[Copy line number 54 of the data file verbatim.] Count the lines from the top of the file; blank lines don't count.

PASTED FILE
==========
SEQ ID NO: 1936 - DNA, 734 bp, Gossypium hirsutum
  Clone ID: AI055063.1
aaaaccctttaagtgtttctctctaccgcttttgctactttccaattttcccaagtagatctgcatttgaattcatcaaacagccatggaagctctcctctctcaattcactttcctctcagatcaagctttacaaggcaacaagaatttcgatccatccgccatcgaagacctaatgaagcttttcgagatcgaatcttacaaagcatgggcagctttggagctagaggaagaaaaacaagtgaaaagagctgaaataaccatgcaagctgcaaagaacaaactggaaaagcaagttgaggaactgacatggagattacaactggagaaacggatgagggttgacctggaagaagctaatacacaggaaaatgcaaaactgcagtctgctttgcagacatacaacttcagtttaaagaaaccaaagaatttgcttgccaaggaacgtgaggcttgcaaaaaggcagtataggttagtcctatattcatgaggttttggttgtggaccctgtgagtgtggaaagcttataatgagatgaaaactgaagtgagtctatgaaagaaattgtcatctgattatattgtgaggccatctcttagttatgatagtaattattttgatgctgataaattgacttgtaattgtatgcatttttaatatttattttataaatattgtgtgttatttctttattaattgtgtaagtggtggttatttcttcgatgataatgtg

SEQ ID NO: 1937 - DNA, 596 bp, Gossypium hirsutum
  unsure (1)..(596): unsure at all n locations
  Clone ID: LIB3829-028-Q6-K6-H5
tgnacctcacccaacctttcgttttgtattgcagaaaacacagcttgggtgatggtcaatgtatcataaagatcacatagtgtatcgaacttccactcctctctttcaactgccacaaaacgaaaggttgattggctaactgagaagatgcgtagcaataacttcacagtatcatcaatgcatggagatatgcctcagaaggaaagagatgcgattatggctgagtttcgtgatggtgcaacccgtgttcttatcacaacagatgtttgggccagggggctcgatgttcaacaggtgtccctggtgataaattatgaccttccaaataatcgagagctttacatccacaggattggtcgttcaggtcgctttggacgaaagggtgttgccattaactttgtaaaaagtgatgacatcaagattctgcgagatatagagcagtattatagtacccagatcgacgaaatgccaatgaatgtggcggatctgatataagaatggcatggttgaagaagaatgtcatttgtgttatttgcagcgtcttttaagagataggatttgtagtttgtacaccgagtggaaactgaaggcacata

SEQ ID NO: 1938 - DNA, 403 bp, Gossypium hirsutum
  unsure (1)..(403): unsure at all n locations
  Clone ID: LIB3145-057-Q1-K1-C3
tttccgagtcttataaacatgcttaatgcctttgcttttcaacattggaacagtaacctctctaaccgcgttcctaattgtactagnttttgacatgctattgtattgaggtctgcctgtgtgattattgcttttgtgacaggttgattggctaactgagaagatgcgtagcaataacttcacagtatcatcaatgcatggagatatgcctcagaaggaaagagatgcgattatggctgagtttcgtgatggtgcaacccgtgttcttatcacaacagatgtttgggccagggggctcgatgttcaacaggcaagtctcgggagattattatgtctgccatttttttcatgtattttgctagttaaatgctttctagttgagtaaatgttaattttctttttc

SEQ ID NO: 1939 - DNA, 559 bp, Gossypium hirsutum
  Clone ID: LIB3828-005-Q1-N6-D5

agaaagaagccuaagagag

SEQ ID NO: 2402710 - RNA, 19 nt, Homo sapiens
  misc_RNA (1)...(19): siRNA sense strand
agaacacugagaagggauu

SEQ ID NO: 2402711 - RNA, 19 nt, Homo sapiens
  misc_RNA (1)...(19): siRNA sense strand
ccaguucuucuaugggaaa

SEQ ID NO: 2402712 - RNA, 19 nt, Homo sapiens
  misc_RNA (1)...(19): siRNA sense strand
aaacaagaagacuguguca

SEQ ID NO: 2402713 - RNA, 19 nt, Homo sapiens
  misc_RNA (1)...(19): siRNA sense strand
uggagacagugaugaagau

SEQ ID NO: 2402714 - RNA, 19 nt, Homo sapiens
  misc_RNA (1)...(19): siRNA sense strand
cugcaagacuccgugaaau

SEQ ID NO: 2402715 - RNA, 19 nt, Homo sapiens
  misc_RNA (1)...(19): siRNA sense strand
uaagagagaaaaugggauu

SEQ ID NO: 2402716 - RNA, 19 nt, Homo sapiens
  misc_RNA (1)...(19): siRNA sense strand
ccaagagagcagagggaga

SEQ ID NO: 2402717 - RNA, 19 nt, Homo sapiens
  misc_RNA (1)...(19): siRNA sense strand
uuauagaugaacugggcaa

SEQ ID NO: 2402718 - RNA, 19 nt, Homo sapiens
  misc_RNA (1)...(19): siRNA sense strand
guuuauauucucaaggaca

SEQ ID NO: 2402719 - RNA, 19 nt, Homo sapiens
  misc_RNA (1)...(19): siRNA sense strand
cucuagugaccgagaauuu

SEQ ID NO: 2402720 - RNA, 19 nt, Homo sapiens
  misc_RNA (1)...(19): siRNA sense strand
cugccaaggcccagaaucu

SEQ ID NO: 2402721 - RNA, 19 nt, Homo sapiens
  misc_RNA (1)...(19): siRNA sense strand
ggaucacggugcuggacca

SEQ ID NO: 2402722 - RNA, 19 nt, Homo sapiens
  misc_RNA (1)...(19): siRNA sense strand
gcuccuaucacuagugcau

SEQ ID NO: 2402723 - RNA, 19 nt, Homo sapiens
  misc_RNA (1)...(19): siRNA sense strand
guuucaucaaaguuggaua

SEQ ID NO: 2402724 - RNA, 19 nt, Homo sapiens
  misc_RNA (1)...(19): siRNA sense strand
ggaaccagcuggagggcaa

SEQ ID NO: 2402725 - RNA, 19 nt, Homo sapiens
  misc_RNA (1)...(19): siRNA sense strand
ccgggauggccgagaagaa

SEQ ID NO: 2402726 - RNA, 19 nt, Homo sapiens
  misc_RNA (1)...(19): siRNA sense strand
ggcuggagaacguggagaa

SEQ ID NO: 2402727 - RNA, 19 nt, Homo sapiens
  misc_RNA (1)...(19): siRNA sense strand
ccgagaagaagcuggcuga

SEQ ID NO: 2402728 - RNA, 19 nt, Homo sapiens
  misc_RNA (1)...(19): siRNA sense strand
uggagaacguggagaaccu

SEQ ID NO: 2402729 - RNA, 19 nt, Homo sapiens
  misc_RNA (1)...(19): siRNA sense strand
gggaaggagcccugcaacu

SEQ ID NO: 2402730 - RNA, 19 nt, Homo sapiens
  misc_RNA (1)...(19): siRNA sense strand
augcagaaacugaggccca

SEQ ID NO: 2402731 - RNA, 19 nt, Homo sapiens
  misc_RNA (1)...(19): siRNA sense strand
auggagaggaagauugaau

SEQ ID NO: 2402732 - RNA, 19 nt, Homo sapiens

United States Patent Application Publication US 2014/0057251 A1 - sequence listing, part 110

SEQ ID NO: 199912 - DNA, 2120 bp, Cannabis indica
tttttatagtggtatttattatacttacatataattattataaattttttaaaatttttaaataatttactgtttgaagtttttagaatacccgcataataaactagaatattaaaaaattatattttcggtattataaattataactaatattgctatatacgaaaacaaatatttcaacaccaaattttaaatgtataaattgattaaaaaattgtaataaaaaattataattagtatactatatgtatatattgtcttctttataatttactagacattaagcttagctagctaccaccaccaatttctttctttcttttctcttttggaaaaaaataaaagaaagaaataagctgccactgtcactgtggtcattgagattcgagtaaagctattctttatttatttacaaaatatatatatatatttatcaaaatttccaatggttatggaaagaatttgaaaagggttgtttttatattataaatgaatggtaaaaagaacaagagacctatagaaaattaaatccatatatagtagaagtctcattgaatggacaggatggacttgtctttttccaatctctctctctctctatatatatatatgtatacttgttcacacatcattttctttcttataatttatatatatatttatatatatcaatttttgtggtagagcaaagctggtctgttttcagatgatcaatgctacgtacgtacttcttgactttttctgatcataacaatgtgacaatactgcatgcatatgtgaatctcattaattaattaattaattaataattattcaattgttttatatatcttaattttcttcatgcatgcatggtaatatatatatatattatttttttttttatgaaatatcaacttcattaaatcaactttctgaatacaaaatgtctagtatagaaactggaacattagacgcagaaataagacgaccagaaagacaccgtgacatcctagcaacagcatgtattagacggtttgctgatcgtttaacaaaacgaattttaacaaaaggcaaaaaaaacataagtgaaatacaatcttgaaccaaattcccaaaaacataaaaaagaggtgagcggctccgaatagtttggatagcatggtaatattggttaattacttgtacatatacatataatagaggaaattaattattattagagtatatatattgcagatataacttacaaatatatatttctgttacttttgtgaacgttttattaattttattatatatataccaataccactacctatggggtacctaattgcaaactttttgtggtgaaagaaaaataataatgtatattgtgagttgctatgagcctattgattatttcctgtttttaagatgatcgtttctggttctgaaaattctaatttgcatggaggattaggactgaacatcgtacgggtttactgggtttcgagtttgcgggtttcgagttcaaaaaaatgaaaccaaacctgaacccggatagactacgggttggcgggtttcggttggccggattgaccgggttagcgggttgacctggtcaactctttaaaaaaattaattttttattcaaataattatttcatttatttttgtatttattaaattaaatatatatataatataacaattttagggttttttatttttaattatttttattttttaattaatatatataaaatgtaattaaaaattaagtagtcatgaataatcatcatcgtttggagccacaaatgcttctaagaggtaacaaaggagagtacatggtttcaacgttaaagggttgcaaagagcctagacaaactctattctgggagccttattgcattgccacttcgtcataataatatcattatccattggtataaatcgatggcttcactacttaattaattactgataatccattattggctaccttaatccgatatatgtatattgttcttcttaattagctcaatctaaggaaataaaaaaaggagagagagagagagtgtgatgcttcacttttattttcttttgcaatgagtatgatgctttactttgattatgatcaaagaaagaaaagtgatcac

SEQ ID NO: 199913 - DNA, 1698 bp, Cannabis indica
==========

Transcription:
SEQ ID NO: 2402723 - RNA, 19 nt, Homo sapiens